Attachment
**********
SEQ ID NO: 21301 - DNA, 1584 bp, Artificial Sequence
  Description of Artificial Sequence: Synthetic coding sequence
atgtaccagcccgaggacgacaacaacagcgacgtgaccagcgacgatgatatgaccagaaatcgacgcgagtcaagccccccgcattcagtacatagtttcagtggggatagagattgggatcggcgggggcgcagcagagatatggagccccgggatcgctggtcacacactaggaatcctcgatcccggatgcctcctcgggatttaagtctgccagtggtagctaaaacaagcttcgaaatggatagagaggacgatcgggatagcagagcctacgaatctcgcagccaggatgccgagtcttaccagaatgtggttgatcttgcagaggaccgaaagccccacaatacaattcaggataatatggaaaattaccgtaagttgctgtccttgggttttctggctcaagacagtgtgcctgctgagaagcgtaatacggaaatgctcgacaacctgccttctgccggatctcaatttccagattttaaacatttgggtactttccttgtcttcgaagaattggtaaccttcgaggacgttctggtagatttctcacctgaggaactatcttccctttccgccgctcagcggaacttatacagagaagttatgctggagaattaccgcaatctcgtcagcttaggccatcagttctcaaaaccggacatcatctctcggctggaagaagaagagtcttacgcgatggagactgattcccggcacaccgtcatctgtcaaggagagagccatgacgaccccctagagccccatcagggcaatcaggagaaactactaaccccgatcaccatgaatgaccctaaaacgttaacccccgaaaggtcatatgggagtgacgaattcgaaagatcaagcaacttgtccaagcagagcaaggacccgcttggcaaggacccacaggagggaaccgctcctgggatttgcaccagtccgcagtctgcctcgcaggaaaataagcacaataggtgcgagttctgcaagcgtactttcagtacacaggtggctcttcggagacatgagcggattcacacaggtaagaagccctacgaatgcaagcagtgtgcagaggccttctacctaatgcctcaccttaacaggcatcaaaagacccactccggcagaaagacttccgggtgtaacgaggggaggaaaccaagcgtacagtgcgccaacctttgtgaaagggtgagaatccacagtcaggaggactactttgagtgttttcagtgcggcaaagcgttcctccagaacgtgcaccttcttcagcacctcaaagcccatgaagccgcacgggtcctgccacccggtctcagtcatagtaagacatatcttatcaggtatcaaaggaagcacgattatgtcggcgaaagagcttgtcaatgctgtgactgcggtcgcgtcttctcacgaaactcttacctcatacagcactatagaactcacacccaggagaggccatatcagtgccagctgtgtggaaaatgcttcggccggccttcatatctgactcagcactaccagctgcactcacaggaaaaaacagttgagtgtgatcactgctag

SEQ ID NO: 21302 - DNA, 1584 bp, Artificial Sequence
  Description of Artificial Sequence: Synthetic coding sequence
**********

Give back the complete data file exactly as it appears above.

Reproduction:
SEQ ID NO: 21301 - DNA, 1584 bp, Artificial Sequence
  Description of Artificial Sequence: Synthetic coding sequence
atgtaccagcccgaggacgacaacaacagcgacgtgaccagcgacgatgatatgaccagaaatcgacgcgagtcaagccccccgcattcagtacatagtttcagtggggatagagattgggatcggcgggggcgcagcagagatatggagccccgggatcgctggtcacacactaggaatcctcgatcccggatgcctcctcgggatttaagtctgccagtggtagctaaaacaagcttcgaaatggatagagaggacgatcgggatagcagagcctacgaatctcgcagccaggatgccgagtcttaccagaatgtggttgatcttgcagaggaccgaaagccccacaatacaattcaggataatatggaaaattaccgtaagttgctgtccttgggttttctggctcaagacagtgtgcctgctgagaagcgtaatacggaaatgctcgacaacctgccttctgccggatctcaatttccagattttaaacatttgggtactttccttgtcttcgaagaattggtaaccttcgaggacgttctggtagatttctcacctgaggaactatcttccctttccgccgctcagcggaacttatacagagaagttatgctggagaattaccgcaatctcgtcagcttaggccatcagttctcaaaaccggacatcatctctcggctggaagaagaagagtcttacgcgatggagactgattcccggcacaccgtcatctgtcaaggagagagccatgacgaccccctagagccccatcagggcaatcaggagaaactactaaccccgatcaccatgaatgaccctaaaacgttaacccccgaaaggtcatatgggagtgacgaattcgaaagatcaagcaacttgtccaagcagagcaaggacccgcttggcaaggacccacaggagggaaccgctcctgggatttgcaccagtccgcagtctgcctcgcaggaaaataagcacaataggtgcgagttctgcaagcgtactttcagtacacaggtggctcttcggagacatgagcggattcacacaggtaagaagccctacgaatgcaagcagtgtgcagaggccttctacctaatgcctcaccttaacaggcatcaaaagacccactccggcagaaagacttccgggtgtaacgaggggaggaaaccaagcgtacagtgcgccaacctttgtgaaagggtgagaatccacagtcaggaggactactttgagtgttttcagtgcggcaaagcgttcctccagaacgtgcaccttcttcagcacctcaaagcccatgaagccgcacgggtcctgccacccggtctcagtcatagtaagacatatcttatcaggtatcaaaggaagcacgattatgtcggcgaaagagcttgtcaatgctgtgactgcggtcgcgtcttctcacgaaactcttacctcatacagcactatagaactcacacccaggagaggccatatcagtgccagctgtgtggaaaatgcttcggccggccttcatatctgactcagcactaccagctgcactcacaggaaaaaacagttgagtgtgatcactgctag

SEQ ID NO: 21302 - DNA, 1584 bp, Artificial Sequence
  Description of Artificial Sequence: Synthetic coding sequence